Editorial: Charge into the new year by taking your time

“This is a saying I like to use: It’s not how many things you start that make you successful; it’s how many worthwhile things you finish.”

– Time management expert Peter Turla

Looking back over the past year, I sat and wondered – where had the time gone?

The years seem to be flying by at a fast pace, and 2017 was no exception.

Most in the community have enjoyed a Christmas break and many have had a little time off to recharge the batteries and get things done that we had left on the shelf, in the shed, under the bed or on the back burner.

Some travelled, some spent time with family, and some just took time out for themselves. I also think of the people who had to work over the Christmas break.

It is important to take time back and leave a little each day for ourselves.

Your mind will absorb only so much information on a day-to-day basis, just as your body can only sustain so much activity and energy daily, too.

As I look ahead to the new year and figure out the best way to tackle this ‘time’ issue, I also remember to ‘plan and complete’.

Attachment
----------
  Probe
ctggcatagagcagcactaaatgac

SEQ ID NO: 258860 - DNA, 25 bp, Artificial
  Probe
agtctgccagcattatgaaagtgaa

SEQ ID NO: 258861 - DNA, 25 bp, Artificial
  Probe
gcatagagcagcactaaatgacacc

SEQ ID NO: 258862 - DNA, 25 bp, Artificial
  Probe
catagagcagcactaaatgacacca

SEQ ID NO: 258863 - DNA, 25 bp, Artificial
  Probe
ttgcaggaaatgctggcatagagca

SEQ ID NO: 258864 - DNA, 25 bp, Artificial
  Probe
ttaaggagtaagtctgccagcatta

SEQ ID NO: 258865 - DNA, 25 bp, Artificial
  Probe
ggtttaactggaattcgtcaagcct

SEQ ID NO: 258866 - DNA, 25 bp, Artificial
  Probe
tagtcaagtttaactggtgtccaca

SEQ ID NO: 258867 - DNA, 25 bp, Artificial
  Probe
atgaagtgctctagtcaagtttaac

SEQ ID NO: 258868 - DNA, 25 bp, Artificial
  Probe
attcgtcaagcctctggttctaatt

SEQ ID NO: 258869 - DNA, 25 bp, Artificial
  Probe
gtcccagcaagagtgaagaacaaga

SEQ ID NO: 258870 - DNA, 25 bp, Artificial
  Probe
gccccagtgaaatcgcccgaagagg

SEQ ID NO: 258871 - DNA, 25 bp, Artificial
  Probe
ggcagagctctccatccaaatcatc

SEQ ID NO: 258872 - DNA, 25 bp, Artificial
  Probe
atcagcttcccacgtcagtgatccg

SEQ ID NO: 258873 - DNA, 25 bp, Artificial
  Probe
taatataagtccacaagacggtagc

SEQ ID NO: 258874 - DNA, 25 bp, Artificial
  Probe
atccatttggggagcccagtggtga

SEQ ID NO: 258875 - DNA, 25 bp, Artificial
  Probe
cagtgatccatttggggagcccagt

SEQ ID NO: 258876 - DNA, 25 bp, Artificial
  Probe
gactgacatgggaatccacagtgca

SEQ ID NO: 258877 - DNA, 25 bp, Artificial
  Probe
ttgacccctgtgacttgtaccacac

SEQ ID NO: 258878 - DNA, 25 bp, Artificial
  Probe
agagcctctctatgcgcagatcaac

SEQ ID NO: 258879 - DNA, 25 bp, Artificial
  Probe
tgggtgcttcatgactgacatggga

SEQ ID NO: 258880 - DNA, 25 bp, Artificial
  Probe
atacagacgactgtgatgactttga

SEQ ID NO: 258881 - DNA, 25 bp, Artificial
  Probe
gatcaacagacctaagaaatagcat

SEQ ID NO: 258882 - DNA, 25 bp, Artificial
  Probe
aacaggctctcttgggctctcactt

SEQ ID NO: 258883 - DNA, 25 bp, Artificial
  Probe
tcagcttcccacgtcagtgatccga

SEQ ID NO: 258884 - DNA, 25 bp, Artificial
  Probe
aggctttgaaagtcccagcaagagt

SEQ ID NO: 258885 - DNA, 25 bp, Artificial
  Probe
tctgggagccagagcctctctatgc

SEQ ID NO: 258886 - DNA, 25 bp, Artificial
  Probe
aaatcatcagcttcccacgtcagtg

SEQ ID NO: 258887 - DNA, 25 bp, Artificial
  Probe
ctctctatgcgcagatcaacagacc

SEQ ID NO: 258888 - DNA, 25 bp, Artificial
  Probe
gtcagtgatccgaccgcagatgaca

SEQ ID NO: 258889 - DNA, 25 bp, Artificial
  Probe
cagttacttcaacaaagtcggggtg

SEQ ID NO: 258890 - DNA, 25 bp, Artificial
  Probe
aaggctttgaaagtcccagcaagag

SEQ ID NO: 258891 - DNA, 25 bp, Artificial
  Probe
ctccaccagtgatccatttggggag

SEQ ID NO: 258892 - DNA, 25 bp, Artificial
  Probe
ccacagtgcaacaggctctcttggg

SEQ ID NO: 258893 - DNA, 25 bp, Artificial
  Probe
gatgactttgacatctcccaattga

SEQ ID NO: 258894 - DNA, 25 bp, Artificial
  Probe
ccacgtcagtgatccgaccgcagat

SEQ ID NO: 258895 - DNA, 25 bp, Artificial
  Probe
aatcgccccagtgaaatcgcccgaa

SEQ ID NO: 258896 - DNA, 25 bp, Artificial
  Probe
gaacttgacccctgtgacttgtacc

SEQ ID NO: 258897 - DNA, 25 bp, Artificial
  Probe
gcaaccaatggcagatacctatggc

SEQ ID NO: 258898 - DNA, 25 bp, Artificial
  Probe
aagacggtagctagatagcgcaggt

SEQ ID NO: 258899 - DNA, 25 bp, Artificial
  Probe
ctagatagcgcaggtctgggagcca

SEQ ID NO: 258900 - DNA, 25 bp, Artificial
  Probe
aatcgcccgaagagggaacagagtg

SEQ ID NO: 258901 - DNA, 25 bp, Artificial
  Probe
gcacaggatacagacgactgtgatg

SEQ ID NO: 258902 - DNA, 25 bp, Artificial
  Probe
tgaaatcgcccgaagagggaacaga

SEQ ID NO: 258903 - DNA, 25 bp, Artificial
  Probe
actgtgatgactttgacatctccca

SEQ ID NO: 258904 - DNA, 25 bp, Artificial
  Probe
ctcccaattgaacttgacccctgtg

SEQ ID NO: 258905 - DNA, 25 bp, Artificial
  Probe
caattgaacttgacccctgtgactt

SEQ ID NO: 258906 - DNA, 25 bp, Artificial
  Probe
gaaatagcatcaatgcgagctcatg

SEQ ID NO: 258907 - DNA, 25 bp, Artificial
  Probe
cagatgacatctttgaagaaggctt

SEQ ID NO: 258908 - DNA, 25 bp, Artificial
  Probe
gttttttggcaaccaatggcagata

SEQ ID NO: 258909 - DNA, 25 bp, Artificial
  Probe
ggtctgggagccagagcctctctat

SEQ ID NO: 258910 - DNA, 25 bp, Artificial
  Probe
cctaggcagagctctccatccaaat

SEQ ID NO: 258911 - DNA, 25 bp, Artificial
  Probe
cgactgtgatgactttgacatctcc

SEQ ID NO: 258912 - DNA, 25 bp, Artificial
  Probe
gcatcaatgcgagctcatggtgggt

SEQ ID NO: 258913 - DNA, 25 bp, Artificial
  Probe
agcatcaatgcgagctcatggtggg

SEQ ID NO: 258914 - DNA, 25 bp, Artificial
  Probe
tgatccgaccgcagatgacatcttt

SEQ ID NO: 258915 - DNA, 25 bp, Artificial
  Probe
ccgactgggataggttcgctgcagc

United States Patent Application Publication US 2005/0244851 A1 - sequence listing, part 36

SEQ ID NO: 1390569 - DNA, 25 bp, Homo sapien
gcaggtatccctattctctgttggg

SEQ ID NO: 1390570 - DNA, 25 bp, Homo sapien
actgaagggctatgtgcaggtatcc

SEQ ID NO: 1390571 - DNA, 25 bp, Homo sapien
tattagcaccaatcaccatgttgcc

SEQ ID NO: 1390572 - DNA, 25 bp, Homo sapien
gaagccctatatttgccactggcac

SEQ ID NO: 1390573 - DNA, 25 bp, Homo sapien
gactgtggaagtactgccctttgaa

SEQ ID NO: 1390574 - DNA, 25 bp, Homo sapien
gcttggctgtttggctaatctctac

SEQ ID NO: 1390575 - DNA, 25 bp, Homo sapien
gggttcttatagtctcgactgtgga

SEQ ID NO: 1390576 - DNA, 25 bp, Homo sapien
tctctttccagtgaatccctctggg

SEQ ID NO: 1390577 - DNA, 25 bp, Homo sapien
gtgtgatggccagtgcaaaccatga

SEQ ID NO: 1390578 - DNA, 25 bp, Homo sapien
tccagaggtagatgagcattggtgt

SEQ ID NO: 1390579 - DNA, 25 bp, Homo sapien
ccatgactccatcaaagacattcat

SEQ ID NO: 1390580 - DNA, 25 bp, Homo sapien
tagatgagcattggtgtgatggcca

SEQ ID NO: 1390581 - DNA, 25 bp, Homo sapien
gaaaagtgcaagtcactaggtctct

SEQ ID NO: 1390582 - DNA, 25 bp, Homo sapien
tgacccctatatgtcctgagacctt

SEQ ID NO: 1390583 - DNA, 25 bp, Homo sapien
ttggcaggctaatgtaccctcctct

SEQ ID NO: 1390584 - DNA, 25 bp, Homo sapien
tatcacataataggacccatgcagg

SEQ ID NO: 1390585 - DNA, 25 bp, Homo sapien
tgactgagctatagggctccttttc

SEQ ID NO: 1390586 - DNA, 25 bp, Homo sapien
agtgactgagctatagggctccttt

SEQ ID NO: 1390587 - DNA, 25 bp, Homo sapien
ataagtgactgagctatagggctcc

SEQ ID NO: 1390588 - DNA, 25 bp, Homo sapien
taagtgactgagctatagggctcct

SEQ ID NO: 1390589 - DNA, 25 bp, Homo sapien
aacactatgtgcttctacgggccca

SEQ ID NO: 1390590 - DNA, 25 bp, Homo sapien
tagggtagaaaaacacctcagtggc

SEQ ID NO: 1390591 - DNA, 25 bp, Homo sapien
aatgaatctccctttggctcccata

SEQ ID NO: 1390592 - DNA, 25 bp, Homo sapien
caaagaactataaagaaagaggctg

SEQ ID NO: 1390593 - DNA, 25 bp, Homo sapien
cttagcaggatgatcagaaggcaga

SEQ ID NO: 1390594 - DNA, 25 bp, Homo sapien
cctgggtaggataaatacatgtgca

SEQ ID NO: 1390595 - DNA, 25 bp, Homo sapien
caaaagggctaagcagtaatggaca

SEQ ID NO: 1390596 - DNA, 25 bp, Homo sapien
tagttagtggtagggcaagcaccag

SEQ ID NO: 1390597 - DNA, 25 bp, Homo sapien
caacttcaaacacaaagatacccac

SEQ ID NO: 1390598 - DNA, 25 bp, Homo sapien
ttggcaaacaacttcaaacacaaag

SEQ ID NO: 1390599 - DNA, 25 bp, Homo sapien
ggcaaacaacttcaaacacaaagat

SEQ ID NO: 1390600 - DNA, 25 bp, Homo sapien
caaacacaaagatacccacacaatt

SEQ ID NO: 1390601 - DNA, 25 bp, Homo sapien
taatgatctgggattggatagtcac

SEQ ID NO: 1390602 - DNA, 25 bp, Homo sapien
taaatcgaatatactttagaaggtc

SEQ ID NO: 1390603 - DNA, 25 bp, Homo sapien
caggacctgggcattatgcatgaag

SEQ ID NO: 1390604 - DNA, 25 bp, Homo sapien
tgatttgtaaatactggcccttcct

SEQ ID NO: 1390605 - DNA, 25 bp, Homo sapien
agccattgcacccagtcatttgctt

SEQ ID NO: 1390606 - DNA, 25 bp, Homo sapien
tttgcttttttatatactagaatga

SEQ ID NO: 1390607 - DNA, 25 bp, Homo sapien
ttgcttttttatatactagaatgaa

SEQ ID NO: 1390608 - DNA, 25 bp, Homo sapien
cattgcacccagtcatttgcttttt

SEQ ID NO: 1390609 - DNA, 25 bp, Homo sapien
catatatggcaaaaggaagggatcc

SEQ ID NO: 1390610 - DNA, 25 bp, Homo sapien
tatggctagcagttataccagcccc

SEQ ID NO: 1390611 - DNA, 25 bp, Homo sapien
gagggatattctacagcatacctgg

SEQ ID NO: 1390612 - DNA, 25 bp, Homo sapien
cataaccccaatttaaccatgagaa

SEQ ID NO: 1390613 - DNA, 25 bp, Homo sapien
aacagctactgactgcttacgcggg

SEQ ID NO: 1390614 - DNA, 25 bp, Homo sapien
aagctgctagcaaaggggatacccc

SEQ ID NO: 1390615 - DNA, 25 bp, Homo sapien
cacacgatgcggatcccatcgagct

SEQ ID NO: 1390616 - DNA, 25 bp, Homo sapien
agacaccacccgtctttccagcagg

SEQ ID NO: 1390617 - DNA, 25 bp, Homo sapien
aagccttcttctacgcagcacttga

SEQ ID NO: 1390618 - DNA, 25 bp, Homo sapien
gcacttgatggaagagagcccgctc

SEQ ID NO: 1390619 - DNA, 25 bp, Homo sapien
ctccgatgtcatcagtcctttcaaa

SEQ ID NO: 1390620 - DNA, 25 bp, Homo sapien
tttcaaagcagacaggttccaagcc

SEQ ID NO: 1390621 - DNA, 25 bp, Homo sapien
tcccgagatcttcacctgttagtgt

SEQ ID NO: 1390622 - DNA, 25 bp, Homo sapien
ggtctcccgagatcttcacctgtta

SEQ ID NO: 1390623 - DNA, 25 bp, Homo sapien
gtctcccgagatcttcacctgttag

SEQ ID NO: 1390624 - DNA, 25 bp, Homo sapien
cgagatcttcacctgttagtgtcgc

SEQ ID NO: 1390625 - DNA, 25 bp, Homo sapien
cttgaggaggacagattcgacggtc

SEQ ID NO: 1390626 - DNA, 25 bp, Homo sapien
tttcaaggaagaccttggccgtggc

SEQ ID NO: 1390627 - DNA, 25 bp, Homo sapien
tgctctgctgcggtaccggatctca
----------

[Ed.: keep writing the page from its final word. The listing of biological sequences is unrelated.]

By this, I suggest a simple thing, such as making a list and ticking off the completed tasks one by one. You should find that, at the end of the list, you will have a little more time before you need to make a new one.

Another feelgood task is to write a letter to someone you haven’t seen for a long time. Have you ever had a pen pal? Yep, sure, we can all send text messages to each other – quick and easy – but try the pen-to-paper trick. You may get a surprise.

Letter-writing, whether by hand or by keyboard, will make you sit for a while to think and compose; and the letter’s recipient will also have to sit for a while with your letter as they peruse and review your thoughts. 

It may take time to write a letter, and certainly time to read it, but it’s not time lost, but time regained.


See yourself here

The Goulburn Post welcomes letters and guest editorials (up to 400 words) on topics of relevance and importance – even entertainment – to our community. We also seek first-person pieces from keen and burgeoning writers aged in their teens or 20s for our ‘Young Writers’ weekly page.